Bill Targets Verizon Sale to Frontier

Lawmakers opposed to Verizon's attempted sale of 4.8 million rural phone lines in 14 states to Frontier Communications plan to introduce legislation to close a tax loophole that they say facilitates the transaction.

Two U.S. Congressmen joined Jan. 7 in opposing the proposed deal between Verizon and Frontier Communications in which Verizon would sell 4.8 million rural phone lines in 14 states to Frontier. Reps. Paul Hodes of New Hampshire and Alan Mollohan of West Virginia said the $8.6 million all-stock deal would saddle Frontier with more than $3 billion in debt while Verizon enjoys a $600 million tax windfall.
Both Hodes and Mollohan said they feared the debt load would not allow Frontier to properly support customers or to expand or upgrade broadband service. The International Brotherhood of Electrical Workers is also opposing the deal, claiming the transaction would result in higher prices and poorer customer service.
Representatives of three other states, as well as the Department of Justice and the Federal Trade Commission, are supporting the deal.

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Hodes and Mollohan said they plan to attack the deal with legislation designed to close an obscure tax loophole known as an RMT (Reverse Morris Trust), which allows companies such as Verizon to sell their land lines to smaller companies like Frontier while pocketing millions in tax savings.
To qualify for an RMT, the selling company's shareholders must own a majority of the new company. In order to do this, the acquiring company must be much smaller than the properties to be acquired.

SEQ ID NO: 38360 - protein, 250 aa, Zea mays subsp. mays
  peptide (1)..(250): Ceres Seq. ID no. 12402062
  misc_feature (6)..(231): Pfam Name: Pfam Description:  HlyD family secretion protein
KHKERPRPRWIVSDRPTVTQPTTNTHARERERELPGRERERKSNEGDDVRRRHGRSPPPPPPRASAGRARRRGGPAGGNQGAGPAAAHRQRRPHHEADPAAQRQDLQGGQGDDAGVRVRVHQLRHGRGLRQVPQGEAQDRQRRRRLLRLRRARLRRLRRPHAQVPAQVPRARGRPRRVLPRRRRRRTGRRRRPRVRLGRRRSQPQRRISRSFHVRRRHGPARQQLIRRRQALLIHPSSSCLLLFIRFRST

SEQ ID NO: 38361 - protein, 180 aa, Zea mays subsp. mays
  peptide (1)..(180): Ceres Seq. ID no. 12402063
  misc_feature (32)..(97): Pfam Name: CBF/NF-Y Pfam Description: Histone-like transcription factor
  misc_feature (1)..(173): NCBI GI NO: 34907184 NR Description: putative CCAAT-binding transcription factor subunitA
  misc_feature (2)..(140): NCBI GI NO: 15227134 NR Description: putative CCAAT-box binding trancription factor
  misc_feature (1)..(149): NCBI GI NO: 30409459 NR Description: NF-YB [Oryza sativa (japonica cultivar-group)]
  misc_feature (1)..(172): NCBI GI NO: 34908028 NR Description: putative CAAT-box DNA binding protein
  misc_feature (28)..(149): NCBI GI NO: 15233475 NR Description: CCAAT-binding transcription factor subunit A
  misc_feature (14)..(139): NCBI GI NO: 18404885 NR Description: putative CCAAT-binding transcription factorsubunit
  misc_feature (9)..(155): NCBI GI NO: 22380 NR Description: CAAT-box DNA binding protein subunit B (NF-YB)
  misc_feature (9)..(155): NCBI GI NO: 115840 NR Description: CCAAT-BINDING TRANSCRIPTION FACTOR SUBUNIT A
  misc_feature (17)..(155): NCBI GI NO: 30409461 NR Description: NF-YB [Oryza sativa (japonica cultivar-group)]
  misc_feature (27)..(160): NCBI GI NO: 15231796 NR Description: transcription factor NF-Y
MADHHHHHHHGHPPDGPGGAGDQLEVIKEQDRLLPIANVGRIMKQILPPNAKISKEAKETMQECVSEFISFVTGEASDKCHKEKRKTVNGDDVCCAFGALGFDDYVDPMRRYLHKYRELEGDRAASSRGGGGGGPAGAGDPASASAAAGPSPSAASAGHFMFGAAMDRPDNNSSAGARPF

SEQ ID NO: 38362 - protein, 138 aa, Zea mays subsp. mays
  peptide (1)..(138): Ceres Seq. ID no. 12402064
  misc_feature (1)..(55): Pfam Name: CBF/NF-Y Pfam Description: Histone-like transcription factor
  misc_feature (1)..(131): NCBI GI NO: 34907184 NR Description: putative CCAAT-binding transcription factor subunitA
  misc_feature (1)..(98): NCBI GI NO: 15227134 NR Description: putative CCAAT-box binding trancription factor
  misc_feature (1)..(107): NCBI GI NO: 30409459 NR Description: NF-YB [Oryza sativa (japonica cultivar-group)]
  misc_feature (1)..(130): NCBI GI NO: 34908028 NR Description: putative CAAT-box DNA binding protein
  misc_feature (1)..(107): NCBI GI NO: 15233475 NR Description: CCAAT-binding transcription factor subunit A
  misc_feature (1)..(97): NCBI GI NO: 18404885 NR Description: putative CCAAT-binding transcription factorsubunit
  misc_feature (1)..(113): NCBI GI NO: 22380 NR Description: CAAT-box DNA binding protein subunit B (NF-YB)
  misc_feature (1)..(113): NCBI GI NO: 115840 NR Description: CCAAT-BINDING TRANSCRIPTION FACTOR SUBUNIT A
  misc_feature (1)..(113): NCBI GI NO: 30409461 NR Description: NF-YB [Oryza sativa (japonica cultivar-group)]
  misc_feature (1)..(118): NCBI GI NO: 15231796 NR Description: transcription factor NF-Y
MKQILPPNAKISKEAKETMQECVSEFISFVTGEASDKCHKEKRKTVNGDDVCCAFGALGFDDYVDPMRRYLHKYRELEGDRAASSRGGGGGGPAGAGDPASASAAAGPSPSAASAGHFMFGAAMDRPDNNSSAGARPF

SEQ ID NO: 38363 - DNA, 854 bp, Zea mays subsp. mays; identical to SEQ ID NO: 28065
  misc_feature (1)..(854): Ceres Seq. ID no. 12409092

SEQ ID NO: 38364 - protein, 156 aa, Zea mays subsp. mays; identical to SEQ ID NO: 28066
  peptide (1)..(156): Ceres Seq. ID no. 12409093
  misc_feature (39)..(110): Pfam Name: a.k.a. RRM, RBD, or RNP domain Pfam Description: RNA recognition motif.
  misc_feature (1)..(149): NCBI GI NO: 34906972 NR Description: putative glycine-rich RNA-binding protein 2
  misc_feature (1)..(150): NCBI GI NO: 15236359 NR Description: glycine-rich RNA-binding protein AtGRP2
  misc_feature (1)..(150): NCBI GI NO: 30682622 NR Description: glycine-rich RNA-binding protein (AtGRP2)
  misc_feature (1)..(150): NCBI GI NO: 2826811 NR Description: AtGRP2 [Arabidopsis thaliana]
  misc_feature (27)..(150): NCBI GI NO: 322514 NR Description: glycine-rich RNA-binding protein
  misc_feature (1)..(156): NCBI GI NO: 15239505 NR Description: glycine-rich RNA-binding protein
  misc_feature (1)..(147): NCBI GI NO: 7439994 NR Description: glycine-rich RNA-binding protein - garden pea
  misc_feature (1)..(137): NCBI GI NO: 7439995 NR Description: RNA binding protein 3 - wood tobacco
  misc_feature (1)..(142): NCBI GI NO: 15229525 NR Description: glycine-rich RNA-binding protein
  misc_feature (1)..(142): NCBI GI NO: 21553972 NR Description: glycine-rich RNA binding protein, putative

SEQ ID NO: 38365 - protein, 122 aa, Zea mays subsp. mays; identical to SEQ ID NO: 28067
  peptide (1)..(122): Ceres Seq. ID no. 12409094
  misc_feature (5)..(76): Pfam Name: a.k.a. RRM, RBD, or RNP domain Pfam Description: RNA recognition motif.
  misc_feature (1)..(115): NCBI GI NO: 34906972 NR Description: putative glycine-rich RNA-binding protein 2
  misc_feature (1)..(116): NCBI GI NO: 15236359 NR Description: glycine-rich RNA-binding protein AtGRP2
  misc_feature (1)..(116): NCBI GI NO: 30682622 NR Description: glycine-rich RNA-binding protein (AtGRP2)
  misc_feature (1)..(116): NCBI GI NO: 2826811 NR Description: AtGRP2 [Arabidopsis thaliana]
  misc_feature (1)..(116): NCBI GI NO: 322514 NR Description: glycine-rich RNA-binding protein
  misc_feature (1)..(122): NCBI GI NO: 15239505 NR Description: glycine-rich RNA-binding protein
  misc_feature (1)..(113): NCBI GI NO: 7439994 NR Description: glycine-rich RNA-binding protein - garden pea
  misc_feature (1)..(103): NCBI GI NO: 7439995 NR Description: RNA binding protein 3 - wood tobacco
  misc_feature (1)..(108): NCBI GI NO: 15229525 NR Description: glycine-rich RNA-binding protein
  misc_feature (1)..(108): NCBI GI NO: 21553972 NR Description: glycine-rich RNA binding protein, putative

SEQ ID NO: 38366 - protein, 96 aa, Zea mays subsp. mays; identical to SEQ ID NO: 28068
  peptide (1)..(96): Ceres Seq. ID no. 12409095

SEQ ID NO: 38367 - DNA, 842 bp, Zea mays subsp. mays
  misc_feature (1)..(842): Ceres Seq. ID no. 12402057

"I'd prefer to see that funding go to extend broadband in West Virginia," Mollohan said at a Jan. 7 press conference. "This [deal] is not in the best interest of our state."
In May, Verizon said it was selling off its land-line service to Frontier in areas outside of Verizon's primary service areas of the Northeast and California. Verizon said it wants to focus on upgrading its primary phone lines to fiber-optic cables in order to sell television service and faster Internet service.
In a similar deal, Verizon sold its rural phones in Vermont, New Hampshire and Maine to FairPoint Communications. The January 2009 deal was followed by FairPoint's bankruptcy filing 10 months later. Hawaiian Telecom Communications acquired Verizon's Hawaiian land lines in 2005, and filed for bankruptcy in 2008.
The Verizon-Frontier deal would add a total of 4.8 million residential and small-business phone lines and 1 million broadband connections to Frontier. In the proposed stock swap, Verizon will end up owning 68 percent of Frontier.